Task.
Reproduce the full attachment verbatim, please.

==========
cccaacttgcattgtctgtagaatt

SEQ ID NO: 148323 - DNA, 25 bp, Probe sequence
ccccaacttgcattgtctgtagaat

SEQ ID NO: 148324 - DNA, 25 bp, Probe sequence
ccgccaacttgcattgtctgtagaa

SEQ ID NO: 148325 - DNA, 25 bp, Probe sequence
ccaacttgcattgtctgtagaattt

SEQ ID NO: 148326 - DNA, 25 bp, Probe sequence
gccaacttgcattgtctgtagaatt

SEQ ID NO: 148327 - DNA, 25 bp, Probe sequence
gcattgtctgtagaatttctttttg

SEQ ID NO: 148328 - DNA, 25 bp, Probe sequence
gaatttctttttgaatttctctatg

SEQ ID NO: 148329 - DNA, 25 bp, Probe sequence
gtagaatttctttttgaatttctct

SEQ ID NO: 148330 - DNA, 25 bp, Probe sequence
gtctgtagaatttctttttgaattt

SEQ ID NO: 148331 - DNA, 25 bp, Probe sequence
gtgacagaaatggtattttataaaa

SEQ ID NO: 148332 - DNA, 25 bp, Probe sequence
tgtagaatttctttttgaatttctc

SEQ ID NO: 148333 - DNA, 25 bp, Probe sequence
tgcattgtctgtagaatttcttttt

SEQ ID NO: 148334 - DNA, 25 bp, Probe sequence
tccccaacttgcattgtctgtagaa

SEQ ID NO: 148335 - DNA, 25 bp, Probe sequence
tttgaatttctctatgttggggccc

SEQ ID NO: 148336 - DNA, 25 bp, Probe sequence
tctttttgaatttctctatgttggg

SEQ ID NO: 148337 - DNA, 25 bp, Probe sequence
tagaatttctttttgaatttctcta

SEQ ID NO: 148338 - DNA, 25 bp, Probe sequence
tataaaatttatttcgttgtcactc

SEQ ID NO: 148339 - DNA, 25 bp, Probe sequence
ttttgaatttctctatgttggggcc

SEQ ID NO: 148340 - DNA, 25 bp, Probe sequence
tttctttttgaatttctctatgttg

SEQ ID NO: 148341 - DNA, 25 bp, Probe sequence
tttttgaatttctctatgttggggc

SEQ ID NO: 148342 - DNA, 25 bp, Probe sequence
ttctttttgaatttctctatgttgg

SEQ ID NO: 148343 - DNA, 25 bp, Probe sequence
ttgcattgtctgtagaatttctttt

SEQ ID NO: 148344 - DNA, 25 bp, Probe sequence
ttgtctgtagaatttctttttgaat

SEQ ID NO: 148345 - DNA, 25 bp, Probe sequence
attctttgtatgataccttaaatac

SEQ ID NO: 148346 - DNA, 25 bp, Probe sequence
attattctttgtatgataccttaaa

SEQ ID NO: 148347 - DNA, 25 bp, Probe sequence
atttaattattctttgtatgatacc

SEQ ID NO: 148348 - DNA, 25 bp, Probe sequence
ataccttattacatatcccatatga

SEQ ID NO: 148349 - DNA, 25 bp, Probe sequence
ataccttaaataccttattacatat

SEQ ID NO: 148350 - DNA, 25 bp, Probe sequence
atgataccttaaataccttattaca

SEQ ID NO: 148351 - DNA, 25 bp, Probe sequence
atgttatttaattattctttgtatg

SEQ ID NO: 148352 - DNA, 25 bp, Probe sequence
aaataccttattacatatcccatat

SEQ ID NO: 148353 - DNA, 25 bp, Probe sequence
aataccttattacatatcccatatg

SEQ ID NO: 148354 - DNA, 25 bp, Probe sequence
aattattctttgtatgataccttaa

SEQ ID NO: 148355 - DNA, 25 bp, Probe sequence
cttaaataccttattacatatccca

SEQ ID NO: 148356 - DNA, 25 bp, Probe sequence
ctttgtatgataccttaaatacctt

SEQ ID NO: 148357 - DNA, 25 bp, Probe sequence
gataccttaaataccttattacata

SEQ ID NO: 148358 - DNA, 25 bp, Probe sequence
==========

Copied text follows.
cccaacttgcattgtctgtagaatt

SEQ ID NO: 148323 - DNA, 25 bp, Probe sequence
ccccaacttgcattgtctgtagaat

SEQ ID NO: 148324 - DNA, 25 bp, Probe sequence
ccgccaacttgcattgtctgtagaa

SEQ ID NO: 148325 - DNA, 25 bp, Probe sequence
ccaacttgcattgtctgtagaattt

SEQ ID NO: 148326 - DNA, 25 bp, Probe sequence
gccaacttgcattgtctgtagaatt

SEQ ID NO: 148327 - DNA, 25 bp, Probe sequence
gcattgtctgtagaatttctttttg

SEQ ID NO: 148328 - DNA, 25 bp, Probe sequence
gaatttctttttgaatttctctatg

SEQ ID NO: 148329 - DNA, 25 bp, Probe sequence
gtagaatttctttttgaatttctct

SEQ ID NO: 148330 - DNA, 25 bp, Probe sequence
gtctgtagaatttctttttgaattt

SEQ ID NO: 148331 - DNA, 25 bp, Probe sequence
gtgacagaaatggtattttataaaa

SEQ ID NO: 148332 - DNA, 25 bp, Probe sequence
tgtagaatttctttttgaatttctc

SEQ ID NO: 148333 - DNA, 25 bp, Probe sequence
tgcattgtctgtagaatttcttttt

SEQ ID NO: 148334 - DNA, 25 bp, Probe sequence
tccccaacttgcattgtctgtagaa

SEQ ID NO: 148335 - DNA, 25 bp, Probe sequence
tttgaatttctctatgttggggccc

SEQ ID NO: 148336 - DNA, 25 bp, Probe sequence
tctttttgaatttctctatgttggg

SEQ ID NO: 148337 - DNA, 25 bp, Probe sequence
tagaatttctttttgaatttctcta

SEQ ID NO: 148338 - DNA, 25 bp, Probe sequence
tataaaatttatttcgttgtcactc

SEQ ID NO: 148339 - DNA, 25 bp, Probe sequence
ttttgaatttctctatgttggggcc

SEQ ID NO: 148340 - DNA, 25 bp, Probe sequence
tttctttttgaatttctctatgttg

SEQ ID NO: 148341 - DNA, 25 bp, Probe sequence
tttttgaatttctctatgttggggc

SEQ ID NO: 148342 - DNA, 25 bp, Probe sequence
ttctttttgaatttctctatgttgg

SEQ ID NO: 148343 - DNA, 25 bp, Probe sequence
ttgcattgtctgtagaatttctttt

SEQ ID NO: 148344 - DNA, 25 bp, Probe sequence
ttgtctgtagaatttctttttgaat

SEQ ID NO: 148345 - DNA, 25 bp, Probe sequence
attctttgtatgataccttaaatac

SEQ ID NO: 148346 - DNA, 25 bp, Probe sequence
attattctttgtatgataccttaaa

SEQ ID NO: 148347 - DNA, 25 bp, Probe sequence
atttaattattctttgtatgatacc

SEQ ID NO: 148348 - DNA, 25 bp, Probe sequence
ataccttattacatatcccatatga

SEQ ID NO: 148349 - DNA, 25 bp, Probe sequence
ataccttaaataccttattacatat

SEQ ID NO: 148350 - DNA, 25 bp, Probe sequence
atgataccttaaataccttattaca

SEQ ID NO: 148351 - DNA, 25 bp, Probe sequence
atgttatttaattattctttgtatg

SEQ ID NO: 148352 - DNA, 25 bp, Probe sequence
aaataccttattacatatcccatat

SEQ ID NO: 148353 - DNA, 25 bp, Probe sequence
aataccttattacatatcccatatg

SEQ ID NO: 148354 - DNA, 25 bp, Probe sequence
aattattctttgtatgataccttaa

SEQ ID NO: 148355 - DNA, 25 bp, Probe sequence
cttaaataccttattacatatccca

SEQ ID NO: 148356 - DNA, 25 bp, Probe sequence
ctttgtatgataccttaaatacctt

SEQ ID NO: 148357 - DNA, 25 bp, Probe sequence
gataccttaaataccttattacata

SEQ ID NO: 148358 - DNA, 25 bp, Probe sequence